S . I . G . H . T . S .
Statement of Work
I see my work, as a form of writing without letters -- a poetry in space which
acknowledges a sense of feeling, of presence. A writing of the body, in
the body, that bypasses the over-worn grind of thought -- healing personal,
ancestral, and global traumas while still engaging the power of light that
the mind can bring. My work is my beacon call. It draws a black light
through the air, guiding my life through its ancestral sea. I invite you
to share in my journey.
but, i can pray (2011, Oberlin College)
This work was meant to empower me to seek light through deep trauma. The
title "But, I Can Pray" refers to times when I had none to help me but
prayers and I still made it through. It's meant to bring clarity through
a crossroads, a theme that I constantly return to in my work. I used
materials that I could find a discarded stairwell around Oberlin to create
a cathedral in which traditions of Africanity, healing, beauty, spirituality
and brilliance could dwell, soar, and thrive.
Oberlin was a time of rediscovery, when I came to understand the power of
my instrument through Jazz improvisation. I was trained classically. I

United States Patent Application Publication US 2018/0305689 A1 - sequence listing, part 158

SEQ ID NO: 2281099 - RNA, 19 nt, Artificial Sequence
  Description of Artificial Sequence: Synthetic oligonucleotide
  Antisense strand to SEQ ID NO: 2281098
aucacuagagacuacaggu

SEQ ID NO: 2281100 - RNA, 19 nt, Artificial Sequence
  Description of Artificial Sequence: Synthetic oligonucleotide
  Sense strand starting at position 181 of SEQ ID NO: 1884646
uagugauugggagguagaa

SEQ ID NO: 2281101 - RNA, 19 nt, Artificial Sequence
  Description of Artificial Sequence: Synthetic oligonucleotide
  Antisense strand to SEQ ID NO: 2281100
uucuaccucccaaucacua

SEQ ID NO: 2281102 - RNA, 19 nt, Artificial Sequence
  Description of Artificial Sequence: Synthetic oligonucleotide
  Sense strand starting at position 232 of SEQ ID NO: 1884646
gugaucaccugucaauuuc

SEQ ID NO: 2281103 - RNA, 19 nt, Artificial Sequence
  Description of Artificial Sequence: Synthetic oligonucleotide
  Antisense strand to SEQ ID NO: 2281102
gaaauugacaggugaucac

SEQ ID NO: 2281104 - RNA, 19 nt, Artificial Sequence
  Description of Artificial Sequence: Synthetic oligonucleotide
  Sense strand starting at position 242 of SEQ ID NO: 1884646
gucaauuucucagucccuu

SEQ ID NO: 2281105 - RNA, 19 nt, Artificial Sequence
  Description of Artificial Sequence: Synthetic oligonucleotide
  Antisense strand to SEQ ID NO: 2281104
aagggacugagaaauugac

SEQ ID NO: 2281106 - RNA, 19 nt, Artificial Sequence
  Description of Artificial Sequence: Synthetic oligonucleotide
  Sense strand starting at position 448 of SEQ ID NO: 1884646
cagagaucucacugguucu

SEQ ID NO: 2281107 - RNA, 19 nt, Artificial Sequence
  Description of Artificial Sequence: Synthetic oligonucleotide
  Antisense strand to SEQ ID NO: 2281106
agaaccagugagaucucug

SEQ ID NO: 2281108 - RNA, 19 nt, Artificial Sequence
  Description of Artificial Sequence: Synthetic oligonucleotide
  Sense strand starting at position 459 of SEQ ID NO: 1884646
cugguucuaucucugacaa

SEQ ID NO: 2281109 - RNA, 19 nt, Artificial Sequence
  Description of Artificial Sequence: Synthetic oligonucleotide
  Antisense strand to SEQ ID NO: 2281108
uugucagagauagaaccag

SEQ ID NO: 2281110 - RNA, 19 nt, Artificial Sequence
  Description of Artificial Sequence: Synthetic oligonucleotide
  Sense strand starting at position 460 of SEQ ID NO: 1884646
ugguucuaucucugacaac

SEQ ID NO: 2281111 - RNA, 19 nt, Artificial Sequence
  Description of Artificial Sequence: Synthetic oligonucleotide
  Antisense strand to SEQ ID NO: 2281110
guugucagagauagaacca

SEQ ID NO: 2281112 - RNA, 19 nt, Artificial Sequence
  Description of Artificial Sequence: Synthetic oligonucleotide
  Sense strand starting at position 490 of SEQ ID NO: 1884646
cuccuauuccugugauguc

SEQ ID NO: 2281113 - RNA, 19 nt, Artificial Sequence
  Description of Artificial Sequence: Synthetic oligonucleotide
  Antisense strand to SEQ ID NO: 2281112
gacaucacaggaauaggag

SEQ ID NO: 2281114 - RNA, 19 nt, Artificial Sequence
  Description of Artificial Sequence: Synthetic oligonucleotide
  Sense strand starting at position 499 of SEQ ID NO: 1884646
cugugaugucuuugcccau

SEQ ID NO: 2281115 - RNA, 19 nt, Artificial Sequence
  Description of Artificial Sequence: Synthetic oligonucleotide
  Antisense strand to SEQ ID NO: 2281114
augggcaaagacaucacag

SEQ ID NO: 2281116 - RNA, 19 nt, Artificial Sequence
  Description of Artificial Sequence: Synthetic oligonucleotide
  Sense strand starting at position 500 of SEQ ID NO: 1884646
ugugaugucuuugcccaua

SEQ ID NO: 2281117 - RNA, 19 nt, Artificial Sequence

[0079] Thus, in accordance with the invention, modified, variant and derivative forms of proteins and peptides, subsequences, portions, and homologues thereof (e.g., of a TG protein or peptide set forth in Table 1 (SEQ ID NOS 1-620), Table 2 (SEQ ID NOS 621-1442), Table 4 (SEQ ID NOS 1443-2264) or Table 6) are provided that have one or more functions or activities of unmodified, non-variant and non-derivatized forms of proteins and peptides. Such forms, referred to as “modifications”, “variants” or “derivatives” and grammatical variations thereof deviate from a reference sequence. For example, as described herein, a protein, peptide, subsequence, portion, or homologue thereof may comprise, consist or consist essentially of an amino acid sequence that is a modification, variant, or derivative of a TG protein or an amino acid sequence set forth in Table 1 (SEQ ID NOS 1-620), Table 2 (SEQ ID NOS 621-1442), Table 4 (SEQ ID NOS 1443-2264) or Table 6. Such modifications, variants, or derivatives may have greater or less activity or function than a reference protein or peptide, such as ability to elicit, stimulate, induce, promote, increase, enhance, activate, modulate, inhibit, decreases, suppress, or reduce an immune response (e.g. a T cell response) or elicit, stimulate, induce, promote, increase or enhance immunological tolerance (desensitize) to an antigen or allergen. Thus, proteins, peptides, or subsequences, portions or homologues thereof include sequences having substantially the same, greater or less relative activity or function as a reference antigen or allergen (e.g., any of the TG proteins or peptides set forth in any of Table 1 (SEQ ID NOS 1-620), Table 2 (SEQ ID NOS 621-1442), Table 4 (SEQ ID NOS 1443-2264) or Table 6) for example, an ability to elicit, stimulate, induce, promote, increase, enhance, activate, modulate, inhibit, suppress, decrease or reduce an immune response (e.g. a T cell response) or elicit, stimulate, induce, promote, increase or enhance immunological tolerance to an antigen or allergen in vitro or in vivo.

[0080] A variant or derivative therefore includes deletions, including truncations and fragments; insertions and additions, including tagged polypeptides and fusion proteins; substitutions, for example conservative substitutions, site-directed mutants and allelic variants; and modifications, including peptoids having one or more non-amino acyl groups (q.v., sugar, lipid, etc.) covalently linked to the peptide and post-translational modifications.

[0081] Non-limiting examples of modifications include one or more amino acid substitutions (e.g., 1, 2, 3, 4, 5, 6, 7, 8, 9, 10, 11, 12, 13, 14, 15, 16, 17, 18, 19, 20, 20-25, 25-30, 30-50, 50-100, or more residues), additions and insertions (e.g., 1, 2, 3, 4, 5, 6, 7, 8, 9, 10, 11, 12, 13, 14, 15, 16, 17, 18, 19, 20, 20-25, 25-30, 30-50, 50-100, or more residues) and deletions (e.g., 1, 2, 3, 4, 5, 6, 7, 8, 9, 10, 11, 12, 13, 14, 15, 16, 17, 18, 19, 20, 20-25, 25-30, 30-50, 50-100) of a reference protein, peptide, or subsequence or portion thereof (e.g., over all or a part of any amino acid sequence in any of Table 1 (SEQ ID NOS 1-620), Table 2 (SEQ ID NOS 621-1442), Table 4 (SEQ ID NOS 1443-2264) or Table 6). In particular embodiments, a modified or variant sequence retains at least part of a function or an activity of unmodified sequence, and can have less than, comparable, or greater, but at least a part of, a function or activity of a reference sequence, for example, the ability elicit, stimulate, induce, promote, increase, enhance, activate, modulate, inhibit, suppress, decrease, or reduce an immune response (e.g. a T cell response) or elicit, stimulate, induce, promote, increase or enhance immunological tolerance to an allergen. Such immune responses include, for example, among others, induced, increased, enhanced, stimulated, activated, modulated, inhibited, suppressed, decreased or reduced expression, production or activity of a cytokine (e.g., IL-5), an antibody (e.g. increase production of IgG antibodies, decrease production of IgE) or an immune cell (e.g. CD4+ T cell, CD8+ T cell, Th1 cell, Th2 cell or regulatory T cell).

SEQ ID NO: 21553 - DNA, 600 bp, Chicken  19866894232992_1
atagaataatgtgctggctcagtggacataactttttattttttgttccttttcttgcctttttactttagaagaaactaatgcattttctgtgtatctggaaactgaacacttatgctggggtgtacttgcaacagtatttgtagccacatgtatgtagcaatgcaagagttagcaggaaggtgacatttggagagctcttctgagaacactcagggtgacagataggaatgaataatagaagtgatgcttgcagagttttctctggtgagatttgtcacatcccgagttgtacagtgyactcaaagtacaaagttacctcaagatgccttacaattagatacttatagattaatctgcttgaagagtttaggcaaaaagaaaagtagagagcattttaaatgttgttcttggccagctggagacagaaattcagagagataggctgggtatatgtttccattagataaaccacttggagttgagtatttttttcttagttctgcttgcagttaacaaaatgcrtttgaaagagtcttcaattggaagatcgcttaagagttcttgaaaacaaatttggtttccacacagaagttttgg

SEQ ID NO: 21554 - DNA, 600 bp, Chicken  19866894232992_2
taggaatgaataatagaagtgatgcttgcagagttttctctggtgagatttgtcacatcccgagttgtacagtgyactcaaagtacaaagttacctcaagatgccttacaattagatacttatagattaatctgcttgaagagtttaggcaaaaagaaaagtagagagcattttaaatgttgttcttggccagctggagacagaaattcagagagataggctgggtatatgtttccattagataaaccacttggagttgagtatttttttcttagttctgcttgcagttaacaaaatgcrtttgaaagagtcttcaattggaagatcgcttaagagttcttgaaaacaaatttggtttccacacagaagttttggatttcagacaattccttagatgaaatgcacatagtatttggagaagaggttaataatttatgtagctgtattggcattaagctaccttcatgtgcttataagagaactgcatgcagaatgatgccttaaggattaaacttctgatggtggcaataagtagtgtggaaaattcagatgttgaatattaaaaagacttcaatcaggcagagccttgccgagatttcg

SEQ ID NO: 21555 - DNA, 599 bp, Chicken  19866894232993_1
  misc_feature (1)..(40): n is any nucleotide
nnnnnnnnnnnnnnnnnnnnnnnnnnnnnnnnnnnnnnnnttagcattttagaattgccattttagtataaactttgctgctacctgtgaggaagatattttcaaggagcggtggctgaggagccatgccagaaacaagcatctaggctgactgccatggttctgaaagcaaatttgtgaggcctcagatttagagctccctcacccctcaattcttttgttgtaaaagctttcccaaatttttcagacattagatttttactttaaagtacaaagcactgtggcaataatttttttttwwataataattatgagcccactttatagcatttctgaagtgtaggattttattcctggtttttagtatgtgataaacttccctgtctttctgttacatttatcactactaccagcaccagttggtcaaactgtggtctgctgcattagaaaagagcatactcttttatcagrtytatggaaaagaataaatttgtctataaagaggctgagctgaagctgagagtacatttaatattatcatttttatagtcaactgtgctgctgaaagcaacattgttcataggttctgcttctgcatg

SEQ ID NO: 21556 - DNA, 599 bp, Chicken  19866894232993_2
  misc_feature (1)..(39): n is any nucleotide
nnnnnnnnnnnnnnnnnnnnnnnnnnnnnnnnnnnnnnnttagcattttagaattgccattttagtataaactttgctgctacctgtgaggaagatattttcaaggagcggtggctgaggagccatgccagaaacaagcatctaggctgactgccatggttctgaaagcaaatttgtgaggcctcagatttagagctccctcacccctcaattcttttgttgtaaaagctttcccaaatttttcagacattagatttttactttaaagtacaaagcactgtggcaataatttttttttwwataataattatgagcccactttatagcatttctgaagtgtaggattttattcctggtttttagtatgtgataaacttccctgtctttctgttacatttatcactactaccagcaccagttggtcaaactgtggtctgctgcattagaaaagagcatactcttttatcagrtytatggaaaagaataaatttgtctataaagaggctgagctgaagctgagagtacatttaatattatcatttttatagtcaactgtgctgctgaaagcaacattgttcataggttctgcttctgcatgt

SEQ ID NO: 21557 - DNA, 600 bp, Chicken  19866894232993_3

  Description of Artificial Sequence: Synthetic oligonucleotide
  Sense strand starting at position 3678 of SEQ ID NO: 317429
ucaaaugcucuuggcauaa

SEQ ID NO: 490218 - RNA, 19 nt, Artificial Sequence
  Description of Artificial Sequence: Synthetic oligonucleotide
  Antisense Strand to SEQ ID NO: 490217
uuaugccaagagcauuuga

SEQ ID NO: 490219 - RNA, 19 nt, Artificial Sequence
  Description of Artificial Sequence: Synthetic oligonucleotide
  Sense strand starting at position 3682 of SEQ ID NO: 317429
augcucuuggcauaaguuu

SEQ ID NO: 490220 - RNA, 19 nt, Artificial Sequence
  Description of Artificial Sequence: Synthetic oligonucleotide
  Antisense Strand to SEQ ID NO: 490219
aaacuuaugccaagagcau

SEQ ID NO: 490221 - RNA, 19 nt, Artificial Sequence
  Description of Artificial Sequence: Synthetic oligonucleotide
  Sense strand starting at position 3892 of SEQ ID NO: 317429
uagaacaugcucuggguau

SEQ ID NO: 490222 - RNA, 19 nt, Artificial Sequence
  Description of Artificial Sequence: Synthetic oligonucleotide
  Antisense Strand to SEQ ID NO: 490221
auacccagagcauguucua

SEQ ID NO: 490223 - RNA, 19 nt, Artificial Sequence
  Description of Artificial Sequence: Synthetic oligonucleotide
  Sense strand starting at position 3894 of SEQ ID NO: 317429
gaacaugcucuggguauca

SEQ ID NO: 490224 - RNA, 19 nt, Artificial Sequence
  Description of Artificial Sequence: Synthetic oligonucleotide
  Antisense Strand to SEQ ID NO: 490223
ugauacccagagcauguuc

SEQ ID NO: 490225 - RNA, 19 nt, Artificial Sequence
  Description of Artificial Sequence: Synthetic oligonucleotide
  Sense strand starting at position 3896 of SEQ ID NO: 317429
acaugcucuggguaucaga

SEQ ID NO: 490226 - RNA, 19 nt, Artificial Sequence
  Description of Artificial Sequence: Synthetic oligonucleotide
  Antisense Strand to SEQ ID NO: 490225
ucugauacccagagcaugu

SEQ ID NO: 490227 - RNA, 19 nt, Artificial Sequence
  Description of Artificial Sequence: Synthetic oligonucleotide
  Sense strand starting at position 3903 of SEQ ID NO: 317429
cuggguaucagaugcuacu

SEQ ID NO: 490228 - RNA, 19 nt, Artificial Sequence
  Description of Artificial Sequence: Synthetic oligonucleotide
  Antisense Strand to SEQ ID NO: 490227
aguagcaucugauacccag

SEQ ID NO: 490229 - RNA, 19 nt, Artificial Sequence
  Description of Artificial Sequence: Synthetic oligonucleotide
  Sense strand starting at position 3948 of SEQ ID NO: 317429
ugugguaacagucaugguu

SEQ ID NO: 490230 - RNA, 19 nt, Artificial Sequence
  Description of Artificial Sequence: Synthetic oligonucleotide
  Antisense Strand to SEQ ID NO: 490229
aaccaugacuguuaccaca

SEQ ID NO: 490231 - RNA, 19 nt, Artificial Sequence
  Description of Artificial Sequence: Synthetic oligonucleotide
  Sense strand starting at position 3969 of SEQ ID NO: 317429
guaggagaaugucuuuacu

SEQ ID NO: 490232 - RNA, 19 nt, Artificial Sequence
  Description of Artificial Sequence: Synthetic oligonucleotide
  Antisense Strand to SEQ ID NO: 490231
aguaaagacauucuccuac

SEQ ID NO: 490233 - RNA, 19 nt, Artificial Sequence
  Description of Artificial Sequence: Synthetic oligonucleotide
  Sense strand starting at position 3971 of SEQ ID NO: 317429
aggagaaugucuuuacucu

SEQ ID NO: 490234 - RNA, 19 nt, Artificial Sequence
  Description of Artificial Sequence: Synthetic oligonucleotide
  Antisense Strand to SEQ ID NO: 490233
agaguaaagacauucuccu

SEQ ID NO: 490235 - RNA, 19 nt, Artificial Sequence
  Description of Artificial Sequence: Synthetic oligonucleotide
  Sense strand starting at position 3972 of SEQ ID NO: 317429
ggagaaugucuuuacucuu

won a concerto competition with the San Antonio Youth Orchestra. But, the
pressure, stress, and material I was to play caused my body to suffer and
worried my mind. Jazz was a way to come through and heal, to come back to
who I was, find my place, sit in my light, and share my brilliance.
Agwe (2016, New York)
My work is about scale. It likes space. I didn't have the space to
work three-dimensionally in installations, so I began to use these concepts
that I learned crafting space to craft space on a textile with the idea of
Adire, a Yoruba indigo cloth, in my heart. My first were simple, only
six feet square. They have been growing, this one is at least 14 feet long.
I'm curious to know how far they'll go.
This painting was made for the Hatian deity Agwe. Good to sailors, the
stable lover of Erzulie, the
lead me, guide me (2015, Brockton, MA)
Presented without comment.
On Judgement Day (2015, Roxbury, MA)
Growing up in San Antonio, there were Monarch butterflies that would engulf the city every fall
coming from the midwest, heading to Mexico City. There are less now. Pesticides and herbicides
which kill milkweed have got to them. Essentially, greed killed the butterflies. But, I used to
love the legend that they were the souls of the dead coming home to rest with the living for a while--
to show that after we cross the beyond there is joy and beauty and life. There is something tragic about
their journey. They die from the effort. They lay their eggs in Mexico and their children
fly back. I imagine that at the end of the world, on Judgement Day, everyone will turn into a monarch
butterfly and the whole world will fly home.